Get ready for a virtual explosion of virtual reality.
Experts say advances in technology, and the proliferation of consumer headsets, means the immersive visual experience will soon affect everything from how we play to how we shop to how we learn.
At a panel discussion hosted by IGDA Ottawa Wednesday night, local developers talked about how they envision the future of VR, and much of that future is being shaped right here.
One of the panelists was Justin Wilkinson, Lead Developer with Ottawa-based Simwave Consulting. They have developed a 4D VR simulation of the Battle of Vimy Ridge. It’s intended as an educational display. Wilkinson says the same technology could help people coping with PTSD. He says the possibilities of virtual reality are virtually endless. "We're trying to do it for museums. Some other people are doing it for the purposes of helping to train doctors for scenarios that they normally wouldn't be able to practise in," says Wilkinson.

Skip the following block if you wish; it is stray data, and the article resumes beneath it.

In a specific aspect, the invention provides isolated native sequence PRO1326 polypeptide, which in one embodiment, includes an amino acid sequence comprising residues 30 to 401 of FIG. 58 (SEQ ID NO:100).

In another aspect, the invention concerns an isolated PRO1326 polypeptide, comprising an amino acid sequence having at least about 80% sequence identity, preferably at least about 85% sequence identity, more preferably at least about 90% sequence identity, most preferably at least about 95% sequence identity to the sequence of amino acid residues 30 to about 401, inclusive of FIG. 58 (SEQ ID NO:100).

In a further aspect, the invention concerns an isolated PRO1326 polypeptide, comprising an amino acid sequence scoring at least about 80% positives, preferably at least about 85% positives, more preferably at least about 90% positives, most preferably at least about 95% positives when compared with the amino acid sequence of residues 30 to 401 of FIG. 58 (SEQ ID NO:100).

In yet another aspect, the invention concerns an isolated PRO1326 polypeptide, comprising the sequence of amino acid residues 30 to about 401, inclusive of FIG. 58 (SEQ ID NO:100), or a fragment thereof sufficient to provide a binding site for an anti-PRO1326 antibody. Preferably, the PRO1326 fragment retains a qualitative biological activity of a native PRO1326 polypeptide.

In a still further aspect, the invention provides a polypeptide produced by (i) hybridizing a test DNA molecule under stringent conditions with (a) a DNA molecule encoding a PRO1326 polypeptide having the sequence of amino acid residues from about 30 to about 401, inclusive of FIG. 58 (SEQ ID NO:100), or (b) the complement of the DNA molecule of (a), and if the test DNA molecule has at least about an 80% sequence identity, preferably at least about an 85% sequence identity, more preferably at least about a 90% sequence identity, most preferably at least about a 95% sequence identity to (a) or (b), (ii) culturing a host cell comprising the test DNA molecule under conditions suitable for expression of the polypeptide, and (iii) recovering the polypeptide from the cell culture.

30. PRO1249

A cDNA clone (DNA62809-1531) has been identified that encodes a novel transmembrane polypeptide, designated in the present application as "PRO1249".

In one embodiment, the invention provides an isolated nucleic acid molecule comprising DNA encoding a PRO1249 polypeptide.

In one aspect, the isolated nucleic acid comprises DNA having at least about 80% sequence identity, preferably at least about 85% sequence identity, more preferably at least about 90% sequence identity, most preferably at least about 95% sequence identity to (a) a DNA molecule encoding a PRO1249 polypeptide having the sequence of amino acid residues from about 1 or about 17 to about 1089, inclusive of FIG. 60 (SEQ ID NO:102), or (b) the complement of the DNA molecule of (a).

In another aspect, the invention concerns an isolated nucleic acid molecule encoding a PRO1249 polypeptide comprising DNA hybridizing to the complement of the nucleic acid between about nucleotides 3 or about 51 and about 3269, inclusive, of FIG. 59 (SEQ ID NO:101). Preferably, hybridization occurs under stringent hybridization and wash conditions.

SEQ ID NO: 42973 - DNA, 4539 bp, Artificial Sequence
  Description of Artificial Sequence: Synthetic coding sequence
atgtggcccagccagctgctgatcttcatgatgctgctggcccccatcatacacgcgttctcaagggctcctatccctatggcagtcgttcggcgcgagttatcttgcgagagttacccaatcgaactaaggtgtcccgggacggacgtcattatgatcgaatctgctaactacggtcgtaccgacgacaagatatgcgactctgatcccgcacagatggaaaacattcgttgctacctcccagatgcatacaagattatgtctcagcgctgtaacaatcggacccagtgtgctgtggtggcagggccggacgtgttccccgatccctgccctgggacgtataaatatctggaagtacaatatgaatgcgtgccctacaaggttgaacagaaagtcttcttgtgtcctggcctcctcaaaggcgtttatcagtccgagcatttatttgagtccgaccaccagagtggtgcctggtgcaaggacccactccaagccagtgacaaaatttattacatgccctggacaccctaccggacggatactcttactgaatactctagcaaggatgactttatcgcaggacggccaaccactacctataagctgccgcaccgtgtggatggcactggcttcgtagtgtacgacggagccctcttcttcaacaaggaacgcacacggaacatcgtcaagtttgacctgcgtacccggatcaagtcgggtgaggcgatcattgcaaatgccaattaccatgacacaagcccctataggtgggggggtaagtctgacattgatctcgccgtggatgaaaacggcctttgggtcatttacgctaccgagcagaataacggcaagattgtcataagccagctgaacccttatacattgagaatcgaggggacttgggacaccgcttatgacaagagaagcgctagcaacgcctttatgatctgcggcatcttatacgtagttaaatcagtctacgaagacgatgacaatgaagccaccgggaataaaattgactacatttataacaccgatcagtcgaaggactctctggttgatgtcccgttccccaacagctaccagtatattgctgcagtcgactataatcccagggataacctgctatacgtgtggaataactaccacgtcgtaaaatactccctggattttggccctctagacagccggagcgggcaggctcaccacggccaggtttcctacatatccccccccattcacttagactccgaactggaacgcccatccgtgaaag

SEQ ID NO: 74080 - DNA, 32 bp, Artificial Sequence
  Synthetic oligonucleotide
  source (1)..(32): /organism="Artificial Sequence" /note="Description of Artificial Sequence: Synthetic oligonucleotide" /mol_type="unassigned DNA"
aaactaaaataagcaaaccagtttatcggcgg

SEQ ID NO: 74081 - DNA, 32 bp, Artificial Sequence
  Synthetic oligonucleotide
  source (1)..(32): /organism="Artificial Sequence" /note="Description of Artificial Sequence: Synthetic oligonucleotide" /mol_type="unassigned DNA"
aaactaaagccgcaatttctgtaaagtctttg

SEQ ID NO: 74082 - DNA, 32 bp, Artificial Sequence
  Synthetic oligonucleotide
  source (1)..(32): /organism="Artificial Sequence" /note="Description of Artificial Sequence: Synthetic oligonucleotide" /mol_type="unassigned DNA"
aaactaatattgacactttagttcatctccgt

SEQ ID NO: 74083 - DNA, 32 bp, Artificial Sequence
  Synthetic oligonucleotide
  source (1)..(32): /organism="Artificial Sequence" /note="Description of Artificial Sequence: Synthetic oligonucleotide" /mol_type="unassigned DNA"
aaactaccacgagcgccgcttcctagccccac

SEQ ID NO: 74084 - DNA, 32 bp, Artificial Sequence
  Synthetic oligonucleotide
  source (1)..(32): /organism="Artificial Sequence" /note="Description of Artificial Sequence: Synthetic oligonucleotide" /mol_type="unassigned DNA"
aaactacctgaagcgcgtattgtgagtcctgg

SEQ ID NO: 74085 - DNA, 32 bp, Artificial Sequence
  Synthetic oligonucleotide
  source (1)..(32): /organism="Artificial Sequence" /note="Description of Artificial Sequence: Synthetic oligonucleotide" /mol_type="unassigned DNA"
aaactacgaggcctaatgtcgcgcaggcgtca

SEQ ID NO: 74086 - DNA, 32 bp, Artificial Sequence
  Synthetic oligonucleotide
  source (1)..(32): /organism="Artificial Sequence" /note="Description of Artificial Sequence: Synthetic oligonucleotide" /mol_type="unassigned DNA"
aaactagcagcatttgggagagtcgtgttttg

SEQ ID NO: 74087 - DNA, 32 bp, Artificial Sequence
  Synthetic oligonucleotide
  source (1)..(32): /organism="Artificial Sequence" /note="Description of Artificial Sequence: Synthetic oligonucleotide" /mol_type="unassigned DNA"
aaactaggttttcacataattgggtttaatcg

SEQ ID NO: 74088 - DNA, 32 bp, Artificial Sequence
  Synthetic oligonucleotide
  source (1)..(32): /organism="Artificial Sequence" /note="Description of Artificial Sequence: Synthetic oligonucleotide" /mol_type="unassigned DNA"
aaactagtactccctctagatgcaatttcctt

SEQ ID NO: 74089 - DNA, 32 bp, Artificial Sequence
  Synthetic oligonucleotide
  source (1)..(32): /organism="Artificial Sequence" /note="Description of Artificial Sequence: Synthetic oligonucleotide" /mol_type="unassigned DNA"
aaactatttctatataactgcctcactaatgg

Over at Ottawa’s e-commerce giant, Shopify, developers are working on using VR to enhance online shopping. One of their first projects is Thread Studio, a VR studio for t-shirt designers. "We're looking at it from a commerce perspective, so how can VR help the shopping experience, but then also how can it help our merchants create and conceptualize amazing products," says Daniel Beauchamp, Head of VR at Shopify.
They are proving that VR isn’t just for gamers anymore, but that doesn’t mean game developers are being left behind. Ottawa’s Steel Crate Games has put out the heart-stopping collaborative game “Keep Talking and Nobody Explodes” in which a team works to diffuse a virtual bomb. Steel Crate is hoping to capitalize on the proliferation of gamer VR sets. "I guess the exciting thing about VR right now is that you can actually go out and buy these things,” says Steel Crate Co-Founder Allen Pestaluky. “And that's just happened within the last year."
Not only is the technology to play VR improving, so is the technology to create it. Ottawa’s Brinx Software markets Masterpiece VR, a 3D modelling program that allows anyone to create their own virtual reality. "It takes 270 hours for an Algonquin student to learn the basics of this. We have this girl, she's about 8 years old, and within one minute she can start to model," says Brinx CEO Jonathan Gagne.
That’s not to say VR doesn’t have its limitations. The experts agree we are nowhere near duplicating the holodeck on Star Trek anytime soon. But they agree that, from teaching to shopping to gaming and beyond, virtual reality is set to change the way we see the world.